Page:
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Figure 9. Change in estimated AET value using SEBS model while it is passing over different land cover LULC types in the LUB.
Figure 9. Change in estimated AET value using SEBS model while it is passing over different land cover LULC types in the LUB.
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Figure 10. Comparison of estimated AET of the SEBS and MOD16A2 models across different land use/cover types from 2016 to 2020.
Figure 10. Comparison of estimated AET of the SEBS and MOD16A2 models across different land use/cover types from 2016 to 2020.
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Figure 11. Visualization of estimated and observed AET in the LUB for the SEBS (A), MOD16A2 (B), and gauge stations (C) for 14 June 2017.
Figure 11. Visualization of estimated and observed AET in the LUB for the SEBS (A), MOD16A2 (B), and gauge stations (C) for 14 June 2017.
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Table 1. Data description used in this study.
Table 1. Data description used in this study.
Data TypeDatasetDateSource ReferenceBand NumberCalculation Method
Satellite imagesLandsatLandsat 8 OLI (path/row: 168/33, 169/33, 168/34, 169/34, and 168/35, 169/3514 June 2016WGS842,3,4,5-
14 June 2017--
14 June 2018--
14 June 2019--
14 June 2020--
MODISMOD021KM, MOD16A2, MOD0314 June 2016WGS841,2,3,4,5,7,17,18,19,31,32-
14 June 2017--
14 June 2018--
14 June 2019--
14 June 2020--
EvaporationGround gaugeFrom 8th June to 14th June of each yearPoint data-Accumulative
PrecipitationGround gaugeFrom 8th June to 14th June of each year--Accumulative
TemperatureGround gaugeFrom 8th June to 14th June of each year--Average
Table 2. Visual characteristics of the areas to assess accuracy in the LUB source area.
Table 2. Visual characteristics of the areas to assess accuracy in the LUB source area.
LULCInterpretation CriterionImagePhotograph
water bodiesAt least 60% of area is covered by permanent water bodiesWater 15 01068 i001Water 15 01068 i002
ShrublandsDominated by woody perennials (1–2 m height) 10–60% coverWater 15 01068 i003Water 15 01068 i004
SavannasTree cover 10–30% (canopy > 2 m)Water 15 01068 i005Water 15 01068 i006
GrasslandsDominated by herbaceous annuals (<2 m)Water 15 01068 i007Water 15 01068 i008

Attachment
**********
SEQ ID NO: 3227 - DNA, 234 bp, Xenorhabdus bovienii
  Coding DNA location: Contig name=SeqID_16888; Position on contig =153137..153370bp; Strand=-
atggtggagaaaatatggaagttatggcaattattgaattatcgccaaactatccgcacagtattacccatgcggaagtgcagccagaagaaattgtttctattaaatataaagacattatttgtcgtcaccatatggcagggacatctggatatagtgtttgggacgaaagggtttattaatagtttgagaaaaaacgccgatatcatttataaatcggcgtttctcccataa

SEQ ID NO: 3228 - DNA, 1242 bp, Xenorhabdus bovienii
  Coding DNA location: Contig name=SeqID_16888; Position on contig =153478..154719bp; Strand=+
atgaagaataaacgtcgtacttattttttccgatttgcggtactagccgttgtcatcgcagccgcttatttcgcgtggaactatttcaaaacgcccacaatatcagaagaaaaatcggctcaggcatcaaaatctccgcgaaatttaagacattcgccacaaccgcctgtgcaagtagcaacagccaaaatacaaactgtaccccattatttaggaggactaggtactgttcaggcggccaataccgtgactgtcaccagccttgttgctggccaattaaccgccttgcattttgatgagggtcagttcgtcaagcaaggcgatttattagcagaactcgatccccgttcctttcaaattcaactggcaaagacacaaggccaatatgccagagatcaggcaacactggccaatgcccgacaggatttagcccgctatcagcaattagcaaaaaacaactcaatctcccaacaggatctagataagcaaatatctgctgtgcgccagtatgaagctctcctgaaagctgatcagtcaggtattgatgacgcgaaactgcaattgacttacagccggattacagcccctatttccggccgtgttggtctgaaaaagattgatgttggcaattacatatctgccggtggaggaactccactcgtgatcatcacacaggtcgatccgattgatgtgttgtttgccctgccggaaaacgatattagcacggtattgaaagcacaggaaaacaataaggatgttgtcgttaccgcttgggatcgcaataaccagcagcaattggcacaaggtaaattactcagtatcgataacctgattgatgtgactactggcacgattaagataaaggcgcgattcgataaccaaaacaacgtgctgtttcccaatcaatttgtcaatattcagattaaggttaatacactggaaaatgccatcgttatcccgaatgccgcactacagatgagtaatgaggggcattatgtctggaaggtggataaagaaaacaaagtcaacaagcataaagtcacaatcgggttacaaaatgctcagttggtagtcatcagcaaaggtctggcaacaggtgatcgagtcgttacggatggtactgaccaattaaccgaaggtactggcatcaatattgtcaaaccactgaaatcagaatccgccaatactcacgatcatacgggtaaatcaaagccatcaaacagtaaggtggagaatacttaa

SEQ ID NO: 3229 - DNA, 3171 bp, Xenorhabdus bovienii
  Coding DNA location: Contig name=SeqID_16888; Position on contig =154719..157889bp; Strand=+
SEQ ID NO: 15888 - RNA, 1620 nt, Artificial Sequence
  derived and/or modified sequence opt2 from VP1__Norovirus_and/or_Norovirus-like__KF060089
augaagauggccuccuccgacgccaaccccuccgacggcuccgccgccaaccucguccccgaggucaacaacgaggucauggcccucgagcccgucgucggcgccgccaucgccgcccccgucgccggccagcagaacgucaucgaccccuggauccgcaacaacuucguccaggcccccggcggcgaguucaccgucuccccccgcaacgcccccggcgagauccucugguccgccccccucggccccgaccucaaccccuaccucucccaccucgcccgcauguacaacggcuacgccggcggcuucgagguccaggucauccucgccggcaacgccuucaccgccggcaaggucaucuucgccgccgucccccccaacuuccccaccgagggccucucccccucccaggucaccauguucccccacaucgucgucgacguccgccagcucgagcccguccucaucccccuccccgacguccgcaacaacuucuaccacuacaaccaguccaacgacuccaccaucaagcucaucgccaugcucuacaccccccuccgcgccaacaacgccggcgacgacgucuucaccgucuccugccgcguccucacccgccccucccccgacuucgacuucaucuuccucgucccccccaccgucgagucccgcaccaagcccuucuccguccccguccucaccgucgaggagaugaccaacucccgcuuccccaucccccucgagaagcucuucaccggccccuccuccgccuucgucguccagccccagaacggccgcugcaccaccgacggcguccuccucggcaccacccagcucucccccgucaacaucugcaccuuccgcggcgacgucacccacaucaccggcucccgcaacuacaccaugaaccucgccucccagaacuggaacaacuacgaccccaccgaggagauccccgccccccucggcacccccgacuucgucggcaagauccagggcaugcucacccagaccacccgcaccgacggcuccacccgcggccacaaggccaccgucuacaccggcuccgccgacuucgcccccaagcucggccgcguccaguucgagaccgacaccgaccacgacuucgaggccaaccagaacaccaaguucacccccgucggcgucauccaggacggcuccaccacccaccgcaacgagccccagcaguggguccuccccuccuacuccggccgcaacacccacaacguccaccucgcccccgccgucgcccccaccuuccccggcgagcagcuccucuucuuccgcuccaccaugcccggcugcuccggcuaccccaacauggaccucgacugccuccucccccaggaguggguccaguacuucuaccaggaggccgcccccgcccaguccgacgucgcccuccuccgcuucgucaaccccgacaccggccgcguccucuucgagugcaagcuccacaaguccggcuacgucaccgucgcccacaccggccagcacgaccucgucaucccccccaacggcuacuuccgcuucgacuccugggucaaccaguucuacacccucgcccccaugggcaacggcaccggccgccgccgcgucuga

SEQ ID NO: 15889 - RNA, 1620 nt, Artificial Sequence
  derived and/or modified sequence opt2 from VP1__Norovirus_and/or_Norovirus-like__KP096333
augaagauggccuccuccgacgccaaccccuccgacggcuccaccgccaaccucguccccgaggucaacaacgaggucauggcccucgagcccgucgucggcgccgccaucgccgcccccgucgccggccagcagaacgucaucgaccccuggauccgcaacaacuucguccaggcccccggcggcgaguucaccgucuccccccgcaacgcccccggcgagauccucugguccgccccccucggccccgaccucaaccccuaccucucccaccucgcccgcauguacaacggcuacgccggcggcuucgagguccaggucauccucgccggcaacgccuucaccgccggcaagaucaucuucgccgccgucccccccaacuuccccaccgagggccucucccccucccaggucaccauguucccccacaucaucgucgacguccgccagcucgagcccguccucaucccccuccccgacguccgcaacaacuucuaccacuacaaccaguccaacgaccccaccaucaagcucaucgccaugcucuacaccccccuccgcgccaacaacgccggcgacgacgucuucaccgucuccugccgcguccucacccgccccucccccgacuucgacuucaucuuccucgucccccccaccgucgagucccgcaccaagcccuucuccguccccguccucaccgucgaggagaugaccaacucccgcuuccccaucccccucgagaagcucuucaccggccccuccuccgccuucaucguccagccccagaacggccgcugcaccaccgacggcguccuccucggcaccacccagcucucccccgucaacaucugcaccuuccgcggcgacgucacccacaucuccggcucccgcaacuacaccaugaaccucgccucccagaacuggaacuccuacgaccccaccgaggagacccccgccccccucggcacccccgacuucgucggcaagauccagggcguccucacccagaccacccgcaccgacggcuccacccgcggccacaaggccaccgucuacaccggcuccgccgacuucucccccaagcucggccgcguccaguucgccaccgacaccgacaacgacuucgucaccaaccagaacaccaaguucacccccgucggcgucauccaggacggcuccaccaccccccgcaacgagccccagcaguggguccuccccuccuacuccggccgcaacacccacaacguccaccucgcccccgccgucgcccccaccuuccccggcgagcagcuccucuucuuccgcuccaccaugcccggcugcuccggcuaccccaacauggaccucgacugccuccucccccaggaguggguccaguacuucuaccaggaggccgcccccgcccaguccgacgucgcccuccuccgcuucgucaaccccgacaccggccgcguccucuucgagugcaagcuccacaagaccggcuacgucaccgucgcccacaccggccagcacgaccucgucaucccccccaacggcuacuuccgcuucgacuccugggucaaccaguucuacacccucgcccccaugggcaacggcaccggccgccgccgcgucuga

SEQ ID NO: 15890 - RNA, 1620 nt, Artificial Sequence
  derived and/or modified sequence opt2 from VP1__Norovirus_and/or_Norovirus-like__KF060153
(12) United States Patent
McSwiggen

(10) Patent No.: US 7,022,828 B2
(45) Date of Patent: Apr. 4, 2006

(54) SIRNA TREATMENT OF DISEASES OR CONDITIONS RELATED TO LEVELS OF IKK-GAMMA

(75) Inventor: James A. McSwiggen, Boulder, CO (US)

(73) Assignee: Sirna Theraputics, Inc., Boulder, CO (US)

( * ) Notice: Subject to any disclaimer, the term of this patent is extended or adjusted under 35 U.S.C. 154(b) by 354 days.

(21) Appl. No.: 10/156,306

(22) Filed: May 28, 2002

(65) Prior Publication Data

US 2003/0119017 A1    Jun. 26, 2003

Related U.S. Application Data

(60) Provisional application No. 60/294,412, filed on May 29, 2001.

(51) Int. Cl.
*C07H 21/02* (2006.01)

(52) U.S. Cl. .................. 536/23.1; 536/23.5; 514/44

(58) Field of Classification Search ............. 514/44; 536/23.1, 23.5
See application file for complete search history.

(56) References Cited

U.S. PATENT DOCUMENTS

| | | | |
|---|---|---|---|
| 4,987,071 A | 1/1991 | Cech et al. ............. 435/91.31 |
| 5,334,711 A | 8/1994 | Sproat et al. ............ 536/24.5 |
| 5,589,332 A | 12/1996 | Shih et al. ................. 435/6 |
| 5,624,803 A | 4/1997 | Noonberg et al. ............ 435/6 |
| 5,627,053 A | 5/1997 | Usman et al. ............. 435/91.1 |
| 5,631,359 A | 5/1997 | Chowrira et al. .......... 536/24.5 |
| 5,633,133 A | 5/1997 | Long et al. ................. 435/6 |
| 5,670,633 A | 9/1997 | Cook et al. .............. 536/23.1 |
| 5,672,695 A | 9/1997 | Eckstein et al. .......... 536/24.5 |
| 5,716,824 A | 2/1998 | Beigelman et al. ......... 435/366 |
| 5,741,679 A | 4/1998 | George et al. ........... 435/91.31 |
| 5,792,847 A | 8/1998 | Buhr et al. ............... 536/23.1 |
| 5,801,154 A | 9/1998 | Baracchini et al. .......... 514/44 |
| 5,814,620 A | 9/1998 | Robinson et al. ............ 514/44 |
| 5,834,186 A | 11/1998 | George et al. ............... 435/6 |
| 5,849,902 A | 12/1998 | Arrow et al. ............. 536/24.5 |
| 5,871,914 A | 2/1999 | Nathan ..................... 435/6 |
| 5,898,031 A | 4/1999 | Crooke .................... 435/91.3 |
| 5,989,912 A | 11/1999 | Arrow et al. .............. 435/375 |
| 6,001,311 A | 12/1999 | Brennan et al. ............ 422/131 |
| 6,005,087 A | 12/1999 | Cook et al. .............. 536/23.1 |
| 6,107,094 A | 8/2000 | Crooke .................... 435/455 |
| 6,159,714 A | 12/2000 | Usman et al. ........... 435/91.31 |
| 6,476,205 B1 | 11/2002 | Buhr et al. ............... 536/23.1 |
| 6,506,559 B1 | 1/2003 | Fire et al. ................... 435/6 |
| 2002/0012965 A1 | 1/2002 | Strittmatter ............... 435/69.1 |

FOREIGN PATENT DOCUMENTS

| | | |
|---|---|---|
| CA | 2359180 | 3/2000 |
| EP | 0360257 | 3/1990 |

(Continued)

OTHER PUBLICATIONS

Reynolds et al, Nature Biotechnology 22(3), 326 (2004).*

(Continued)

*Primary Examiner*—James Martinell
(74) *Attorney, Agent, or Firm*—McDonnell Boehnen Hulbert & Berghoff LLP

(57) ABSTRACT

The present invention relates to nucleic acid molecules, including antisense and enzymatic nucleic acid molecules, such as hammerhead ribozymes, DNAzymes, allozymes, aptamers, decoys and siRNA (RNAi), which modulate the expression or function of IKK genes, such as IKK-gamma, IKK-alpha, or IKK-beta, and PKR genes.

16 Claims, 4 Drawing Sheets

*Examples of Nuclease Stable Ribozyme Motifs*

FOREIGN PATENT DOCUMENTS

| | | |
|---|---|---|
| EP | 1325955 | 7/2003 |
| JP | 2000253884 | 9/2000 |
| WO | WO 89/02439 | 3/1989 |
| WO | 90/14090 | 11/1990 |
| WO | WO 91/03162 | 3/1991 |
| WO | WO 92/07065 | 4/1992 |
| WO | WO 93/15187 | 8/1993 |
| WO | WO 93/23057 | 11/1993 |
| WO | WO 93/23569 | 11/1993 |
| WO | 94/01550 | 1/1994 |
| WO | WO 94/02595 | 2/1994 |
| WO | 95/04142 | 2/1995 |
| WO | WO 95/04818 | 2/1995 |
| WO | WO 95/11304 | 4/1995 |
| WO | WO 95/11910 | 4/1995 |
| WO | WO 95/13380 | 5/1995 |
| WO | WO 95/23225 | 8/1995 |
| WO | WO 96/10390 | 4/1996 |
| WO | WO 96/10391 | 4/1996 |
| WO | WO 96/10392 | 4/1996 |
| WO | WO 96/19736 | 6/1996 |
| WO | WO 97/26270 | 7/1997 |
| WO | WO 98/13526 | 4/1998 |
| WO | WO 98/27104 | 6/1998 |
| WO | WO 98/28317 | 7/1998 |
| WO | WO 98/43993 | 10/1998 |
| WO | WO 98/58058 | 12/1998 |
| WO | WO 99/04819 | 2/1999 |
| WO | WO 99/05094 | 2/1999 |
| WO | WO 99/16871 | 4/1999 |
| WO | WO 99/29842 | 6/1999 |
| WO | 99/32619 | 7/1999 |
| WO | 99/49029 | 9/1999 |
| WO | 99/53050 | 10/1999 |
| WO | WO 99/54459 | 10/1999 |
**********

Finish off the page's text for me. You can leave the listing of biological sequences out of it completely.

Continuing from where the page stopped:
WetlandsPermanently inundated lands with 30–60% water cover and >10% vegetated coverWater 15 01068 i009Water 15 01068 i010
CroplandsAt least 60% of area is cultivated croplandWater 15 01068 i011Water 15 01068 i012
UrbanAt least 30% impervious surface area including building materials, asphalt and vehiclesWater 15 01068 i013Water 15 01068 i014
Non-VegetatedAt least 60% of area is non-vegetated barren (sand, rock, soil) or permanent snow and ice with less than 10% vegetationWater 15 01068 i015Water 15 01068 i016
Table 3. Classification accuracy verification values.
Table 3. Classification accuracy verification values.
YearLULC ClassWater BodyShrub LandSavanahGrasslandWetlandCroplandUrbanNon-VegetatedOverall Accuracy
2016Produce’s Accuracy (%)96.667.47579.393.468.867.280.586
2017Produce’s Accuracy (%)98.376.372.872.195.768.570.383.689.6
2018Produce’s Accuracy (%)98.772.577.974.694.668.873.479.692.7
2019Produce’s Accuracy (%)99.176.774.172.395.866.272.482.790
2020Produce’s Accuracy (%)96.573.669.374.496.266.465.878.683.2
Table 4. Comparison of SEBS output model, MOD16A2 data, and ground measured data (mm) in the LUB.
Table 4. Comparison of SEBS output model, MOD16A2 data, and ground measured data (mm) in the LUB.
Station Name20162017201820192020R2 (GWR)R2 (OLS)
gauge #A5.
SEBS model4.74.425.42.20.7790.741
gauge #B4.
SEBS model4.
gauge #C2.
SEBS model1.
gauge #D4.
SEBS model5.
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Khoshnood, S.; Lotfata, A.; Mombeni, M.; Daneshi, A.; Verrelst, J.; Ghorbani, K. A Spatial and Temporal Correlation between Remotely Sensing Evapotranspiration with Land Use and Land Cover. Water 2023, 15, 1068.

AMA Style

Khoshnood S, Lotfata A, Mombeni M, Daneshi A, Verrelst J, Ghorbani K. A Spatial and Temporal Correlation between Remotely Sensing Evapotranspiration with Land Use and Land Cover. Water. 2023; 15(6):1068.

Chicago/Turabian Style

Khoshnood, Sajad, Aynaz Lotfata, Maryam Mombeni, Alireza Daneshi, Jochem Verrelst, and Khalil Ghorbani. 2023. "A Spatial and Temporal Correlation between Remotely Sensing Evapotranspiration with Land Use and Land Cover" Water 15, no. 6: 1068.